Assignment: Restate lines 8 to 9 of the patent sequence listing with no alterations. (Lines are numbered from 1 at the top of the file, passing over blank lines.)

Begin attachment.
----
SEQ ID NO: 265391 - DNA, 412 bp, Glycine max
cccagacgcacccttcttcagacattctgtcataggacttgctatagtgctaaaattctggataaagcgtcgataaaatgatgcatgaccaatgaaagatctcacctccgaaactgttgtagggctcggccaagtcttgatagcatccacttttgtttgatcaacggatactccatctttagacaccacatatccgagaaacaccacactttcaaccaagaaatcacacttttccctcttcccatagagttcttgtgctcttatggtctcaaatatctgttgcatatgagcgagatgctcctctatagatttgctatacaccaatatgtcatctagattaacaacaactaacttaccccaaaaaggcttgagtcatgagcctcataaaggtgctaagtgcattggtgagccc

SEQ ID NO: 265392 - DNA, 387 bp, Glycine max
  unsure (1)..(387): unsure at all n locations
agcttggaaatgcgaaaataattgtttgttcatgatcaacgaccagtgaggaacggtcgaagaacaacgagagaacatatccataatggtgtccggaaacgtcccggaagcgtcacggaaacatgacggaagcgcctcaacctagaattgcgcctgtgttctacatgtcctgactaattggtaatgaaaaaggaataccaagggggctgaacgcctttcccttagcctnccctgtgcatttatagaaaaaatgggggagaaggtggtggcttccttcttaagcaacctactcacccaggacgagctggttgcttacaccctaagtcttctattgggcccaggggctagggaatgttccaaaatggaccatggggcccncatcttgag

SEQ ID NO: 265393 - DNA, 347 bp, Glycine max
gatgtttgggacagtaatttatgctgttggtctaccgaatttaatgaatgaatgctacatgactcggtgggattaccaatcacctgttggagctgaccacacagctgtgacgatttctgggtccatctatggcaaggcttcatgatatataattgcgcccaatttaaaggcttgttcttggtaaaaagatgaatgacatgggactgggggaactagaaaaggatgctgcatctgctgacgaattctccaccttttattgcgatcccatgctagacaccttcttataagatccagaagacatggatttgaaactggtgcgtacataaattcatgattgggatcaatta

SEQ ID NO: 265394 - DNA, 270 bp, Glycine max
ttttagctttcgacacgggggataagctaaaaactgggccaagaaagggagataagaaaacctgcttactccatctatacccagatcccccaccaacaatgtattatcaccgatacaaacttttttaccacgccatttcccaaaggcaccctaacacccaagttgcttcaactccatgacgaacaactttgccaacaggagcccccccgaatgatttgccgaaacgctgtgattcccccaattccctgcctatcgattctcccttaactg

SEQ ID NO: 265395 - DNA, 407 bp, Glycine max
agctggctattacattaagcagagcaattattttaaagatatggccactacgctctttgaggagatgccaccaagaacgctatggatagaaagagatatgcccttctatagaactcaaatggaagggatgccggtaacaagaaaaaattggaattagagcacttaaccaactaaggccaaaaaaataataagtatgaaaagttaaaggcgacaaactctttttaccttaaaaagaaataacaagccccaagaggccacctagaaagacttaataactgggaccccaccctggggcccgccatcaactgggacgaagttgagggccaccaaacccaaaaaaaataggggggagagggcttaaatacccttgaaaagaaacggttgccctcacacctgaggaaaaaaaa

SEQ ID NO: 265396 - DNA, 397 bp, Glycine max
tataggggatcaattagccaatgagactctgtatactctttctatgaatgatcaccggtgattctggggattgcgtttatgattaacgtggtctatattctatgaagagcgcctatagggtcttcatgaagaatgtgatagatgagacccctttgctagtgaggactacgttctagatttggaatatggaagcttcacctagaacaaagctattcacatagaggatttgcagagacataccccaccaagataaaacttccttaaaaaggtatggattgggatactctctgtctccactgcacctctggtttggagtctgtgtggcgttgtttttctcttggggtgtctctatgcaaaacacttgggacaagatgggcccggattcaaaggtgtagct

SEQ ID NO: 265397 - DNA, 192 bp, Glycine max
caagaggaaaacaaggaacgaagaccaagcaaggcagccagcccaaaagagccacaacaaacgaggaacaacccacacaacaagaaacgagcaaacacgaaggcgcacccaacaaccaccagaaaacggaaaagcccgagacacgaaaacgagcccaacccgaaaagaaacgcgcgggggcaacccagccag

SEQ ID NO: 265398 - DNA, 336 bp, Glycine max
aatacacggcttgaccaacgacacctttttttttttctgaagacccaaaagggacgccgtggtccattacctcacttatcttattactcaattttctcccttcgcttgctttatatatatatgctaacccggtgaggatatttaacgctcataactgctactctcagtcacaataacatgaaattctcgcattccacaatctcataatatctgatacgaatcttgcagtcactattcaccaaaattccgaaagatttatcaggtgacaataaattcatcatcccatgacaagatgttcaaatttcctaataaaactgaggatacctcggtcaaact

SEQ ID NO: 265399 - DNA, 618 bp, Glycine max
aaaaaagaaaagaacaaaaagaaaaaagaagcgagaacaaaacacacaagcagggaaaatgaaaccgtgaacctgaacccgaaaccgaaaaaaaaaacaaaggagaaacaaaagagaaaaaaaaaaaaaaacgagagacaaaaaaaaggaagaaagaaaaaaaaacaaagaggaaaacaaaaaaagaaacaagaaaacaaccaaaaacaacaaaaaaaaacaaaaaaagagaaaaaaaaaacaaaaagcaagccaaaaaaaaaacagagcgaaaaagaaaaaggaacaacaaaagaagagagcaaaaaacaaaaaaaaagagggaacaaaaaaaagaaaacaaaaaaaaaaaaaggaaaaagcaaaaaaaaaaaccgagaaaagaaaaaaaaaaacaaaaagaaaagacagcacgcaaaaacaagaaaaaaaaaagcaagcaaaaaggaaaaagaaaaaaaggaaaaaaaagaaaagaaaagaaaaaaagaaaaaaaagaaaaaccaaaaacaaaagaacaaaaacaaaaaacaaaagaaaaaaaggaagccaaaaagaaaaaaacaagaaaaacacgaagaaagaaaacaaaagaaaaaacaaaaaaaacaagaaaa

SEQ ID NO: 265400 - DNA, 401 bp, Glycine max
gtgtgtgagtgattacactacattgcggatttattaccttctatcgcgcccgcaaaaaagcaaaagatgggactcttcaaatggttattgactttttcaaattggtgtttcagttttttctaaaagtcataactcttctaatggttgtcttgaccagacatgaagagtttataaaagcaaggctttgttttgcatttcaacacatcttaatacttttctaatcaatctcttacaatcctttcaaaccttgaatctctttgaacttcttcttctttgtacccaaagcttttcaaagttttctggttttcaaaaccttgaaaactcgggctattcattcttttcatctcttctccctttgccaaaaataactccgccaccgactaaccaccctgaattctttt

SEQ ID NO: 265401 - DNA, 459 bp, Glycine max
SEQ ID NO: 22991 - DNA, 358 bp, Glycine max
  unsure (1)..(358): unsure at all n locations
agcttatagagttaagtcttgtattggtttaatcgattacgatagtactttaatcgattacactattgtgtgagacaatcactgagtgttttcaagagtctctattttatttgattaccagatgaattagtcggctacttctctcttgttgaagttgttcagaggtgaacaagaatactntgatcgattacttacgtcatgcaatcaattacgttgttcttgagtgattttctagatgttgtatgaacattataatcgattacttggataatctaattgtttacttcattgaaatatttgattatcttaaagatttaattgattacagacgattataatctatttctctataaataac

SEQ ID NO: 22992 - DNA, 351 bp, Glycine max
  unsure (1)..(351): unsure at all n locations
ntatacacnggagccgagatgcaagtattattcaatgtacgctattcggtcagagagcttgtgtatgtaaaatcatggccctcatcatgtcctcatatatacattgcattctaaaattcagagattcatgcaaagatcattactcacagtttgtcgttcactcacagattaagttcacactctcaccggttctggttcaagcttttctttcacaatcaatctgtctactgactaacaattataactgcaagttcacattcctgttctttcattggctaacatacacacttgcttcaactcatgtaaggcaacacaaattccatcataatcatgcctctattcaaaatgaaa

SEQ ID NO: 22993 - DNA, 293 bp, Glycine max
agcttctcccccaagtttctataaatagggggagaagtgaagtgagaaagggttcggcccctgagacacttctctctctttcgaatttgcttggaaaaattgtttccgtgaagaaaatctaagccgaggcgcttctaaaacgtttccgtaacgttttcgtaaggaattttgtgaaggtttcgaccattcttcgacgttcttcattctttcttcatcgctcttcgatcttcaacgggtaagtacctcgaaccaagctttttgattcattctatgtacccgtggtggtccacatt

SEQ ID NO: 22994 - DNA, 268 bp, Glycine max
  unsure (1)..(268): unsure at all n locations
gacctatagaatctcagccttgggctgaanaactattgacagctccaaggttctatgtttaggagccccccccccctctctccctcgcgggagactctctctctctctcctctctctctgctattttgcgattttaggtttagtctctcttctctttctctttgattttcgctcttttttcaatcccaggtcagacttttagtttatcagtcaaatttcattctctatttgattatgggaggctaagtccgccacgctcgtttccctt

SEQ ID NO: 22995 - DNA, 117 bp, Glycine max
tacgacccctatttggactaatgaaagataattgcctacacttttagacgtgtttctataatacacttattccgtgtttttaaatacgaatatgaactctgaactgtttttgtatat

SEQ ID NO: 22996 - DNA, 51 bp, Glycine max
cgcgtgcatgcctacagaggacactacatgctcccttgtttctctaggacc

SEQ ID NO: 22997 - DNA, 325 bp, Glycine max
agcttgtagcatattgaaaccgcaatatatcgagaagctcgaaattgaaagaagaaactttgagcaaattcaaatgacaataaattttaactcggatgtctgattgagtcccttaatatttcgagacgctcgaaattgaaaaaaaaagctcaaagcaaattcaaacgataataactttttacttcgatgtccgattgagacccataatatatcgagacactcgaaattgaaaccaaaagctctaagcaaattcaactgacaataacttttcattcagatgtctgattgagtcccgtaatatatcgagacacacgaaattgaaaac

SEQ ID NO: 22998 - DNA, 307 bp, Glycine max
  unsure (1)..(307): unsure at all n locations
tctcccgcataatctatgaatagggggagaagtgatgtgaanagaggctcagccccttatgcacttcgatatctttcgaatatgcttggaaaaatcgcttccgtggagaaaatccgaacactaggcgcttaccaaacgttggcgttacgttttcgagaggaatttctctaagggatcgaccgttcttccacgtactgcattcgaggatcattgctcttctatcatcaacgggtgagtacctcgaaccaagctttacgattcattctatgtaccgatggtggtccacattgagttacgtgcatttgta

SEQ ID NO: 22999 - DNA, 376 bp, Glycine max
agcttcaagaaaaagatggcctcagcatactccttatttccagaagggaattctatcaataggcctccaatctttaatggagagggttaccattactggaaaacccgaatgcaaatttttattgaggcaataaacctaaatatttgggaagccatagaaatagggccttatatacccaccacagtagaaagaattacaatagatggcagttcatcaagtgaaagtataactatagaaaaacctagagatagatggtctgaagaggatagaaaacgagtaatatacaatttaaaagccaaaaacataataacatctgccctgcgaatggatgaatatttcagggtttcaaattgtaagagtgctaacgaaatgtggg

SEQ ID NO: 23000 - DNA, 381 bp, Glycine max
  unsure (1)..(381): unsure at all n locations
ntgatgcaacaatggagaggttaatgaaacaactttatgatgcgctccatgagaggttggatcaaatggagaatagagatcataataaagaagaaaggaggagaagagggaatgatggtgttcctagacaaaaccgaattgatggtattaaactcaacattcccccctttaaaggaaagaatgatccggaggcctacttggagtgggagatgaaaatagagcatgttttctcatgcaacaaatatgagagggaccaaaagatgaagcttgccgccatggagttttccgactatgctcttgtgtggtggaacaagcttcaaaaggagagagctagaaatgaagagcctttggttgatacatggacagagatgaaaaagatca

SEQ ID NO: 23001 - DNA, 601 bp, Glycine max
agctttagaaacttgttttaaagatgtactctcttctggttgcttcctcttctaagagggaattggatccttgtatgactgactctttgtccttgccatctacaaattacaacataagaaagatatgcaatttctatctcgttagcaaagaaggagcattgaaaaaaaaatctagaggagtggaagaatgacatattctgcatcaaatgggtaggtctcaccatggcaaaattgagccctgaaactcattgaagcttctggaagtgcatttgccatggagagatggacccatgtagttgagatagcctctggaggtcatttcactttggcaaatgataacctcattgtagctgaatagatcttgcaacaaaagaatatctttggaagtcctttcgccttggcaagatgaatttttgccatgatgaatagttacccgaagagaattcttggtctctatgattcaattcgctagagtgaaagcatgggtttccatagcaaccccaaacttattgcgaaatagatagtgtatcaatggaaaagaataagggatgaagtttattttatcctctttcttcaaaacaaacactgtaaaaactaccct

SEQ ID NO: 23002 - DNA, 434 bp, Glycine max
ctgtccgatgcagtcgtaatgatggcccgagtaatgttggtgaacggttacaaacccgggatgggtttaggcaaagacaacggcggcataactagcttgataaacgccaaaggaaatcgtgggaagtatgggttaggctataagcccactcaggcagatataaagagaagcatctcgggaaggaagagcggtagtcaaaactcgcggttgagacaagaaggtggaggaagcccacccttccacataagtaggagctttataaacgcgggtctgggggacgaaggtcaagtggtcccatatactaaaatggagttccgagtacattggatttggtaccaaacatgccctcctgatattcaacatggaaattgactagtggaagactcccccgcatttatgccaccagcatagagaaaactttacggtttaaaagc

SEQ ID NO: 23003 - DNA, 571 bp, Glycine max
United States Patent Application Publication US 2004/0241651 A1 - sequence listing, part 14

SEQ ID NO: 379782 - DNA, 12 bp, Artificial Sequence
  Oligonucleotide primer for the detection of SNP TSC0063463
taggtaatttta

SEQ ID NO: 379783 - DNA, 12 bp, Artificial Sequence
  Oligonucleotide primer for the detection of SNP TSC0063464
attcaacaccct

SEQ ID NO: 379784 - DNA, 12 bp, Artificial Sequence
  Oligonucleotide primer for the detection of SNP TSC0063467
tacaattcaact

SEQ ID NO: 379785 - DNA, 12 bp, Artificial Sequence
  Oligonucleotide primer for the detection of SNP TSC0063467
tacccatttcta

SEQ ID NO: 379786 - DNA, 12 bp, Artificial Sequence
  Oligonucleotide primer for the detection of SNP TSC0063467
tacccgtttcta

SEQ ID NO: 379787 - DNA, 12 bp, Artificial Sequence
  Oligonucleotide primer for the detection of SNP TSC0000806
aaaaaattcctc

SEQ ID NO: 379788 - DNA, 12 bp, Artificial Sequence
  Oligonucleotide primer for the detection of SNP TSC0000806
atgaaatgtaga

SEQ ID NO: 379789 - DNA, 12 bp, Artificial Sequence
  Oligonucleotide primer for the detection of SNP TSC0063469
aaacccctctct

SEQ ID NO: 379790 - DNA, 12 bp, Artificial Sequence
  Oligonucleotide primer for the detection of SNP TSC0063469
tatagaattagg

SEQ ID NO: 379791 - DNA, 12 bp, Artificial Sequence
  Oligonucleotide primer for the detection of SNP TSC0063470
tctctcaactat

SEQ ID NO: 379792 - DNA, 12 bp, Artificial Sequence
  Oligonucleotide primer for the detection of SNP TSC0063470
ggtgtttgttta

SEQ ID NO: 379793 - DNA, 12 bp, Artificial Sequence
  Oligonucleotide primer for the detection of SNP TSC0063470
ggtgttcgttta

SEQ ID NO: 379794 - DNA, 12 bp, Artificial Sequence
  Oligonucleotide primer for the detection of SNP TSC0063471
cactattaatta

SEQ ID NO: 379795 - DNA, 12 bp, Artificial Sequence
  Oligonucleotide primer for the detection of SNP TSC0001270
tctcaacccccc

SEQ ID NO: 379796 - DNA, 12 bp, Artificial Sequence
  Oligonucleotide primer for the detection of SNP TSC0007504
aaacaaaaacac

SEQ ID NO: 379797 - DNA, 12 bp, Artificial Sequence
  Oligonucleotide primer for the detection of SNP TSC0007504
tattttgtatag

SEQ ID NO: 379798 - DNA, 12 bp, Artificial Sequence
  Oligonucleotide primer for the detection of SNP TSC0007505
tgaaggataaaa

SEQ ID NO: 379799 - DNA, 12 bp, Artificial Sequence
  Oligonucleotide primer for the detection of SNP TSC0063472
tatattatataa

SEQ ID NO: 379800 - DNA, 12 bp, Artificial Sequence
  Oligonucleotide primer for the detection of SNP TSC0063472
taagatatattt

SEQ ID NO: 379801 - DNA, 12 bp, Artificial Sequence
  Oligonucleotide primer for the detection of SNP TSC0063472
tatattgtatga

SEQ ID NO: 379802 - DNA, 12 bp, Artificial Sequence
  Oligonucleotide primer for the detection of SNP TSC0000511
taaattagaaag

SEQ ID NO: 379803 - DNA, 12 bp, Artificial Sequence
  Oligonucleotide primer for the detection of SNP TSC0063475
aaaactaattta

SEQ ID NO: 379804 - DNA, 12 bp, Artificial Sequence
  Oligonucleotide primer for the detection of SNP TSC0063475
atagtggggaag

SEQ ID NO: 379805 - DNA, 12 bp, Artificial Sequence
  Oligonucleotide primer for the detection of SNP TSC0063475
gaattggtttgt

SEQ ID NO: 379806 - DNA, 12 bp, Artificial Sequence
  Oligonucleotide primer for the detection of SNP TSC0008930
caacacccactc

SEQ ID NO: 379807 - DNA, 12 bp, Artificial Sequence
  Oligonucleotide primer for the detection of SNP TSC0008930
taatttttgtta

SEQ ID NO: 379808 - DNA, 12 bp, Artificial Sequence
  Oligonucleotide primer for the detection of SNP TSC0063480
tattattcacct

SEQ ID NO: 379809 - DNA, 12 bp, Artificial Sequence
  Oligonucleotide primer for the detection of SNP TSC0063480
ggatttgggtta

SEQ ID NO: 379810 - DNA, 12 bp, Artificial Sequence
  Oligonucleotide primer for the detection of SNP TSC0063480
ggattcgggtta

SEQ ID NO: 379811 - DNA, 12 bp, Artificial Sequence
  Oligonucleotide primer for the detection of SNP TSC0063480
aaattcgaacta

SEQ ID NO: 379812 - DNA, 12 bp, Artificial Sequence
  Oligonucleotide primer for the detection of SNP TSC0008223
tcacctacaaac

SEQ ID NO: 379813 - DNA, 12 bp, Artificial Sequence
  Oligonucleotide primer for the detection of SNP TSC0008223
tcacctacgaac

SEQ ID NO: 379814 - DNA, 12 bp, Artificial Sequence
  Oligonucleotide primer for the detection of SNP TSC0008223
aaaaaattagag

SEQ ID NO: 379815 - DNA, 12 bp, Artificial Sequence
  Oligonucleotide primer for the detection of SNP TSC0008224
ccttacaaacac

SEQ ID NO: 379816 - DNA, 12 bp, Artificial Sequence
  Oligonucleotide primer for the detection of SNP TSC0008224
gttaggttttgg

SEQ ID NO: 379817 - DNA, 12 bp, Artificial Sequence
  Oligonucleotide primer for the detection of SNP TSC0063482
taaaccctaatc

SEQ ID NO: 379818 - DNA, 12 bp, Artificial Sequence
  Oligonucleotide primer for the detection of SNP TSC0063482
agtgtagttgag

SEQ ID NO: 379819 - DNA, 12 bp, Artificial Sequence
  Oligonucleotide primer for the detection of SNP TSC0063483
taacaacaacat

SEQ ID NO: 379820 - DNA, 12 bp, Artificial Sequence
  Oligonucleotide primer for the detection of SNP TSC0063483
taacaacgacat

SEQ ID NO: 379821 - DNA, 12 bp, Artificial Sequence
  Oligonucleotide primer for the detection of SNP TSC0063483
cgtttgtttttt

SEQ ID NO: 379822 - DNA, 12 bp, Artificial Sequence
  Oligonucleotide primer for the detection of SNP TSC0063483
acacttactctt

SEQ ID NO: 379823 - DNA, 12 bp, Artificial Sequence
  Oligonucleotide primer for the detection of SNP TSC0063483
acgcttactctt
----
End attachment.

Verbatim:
SEQ ID NO: 265394 - DNA, 270 bp, Glycine max
ttttagctttcgacacgggggataagctaaaaactgggccaagaaagggagataagaaaacctgcttactccatctatacccagatcccccaccaacaatgtattatcaccgatacaaacttttttaccacgccatttcccaaaggcaccctaacacccaagttgcttcaactccatgacgaacaactttgccaacaggagcccccccgaatgatttgccgaaacgctgtgattcccccaattccctgcctatcgattctcccttaactg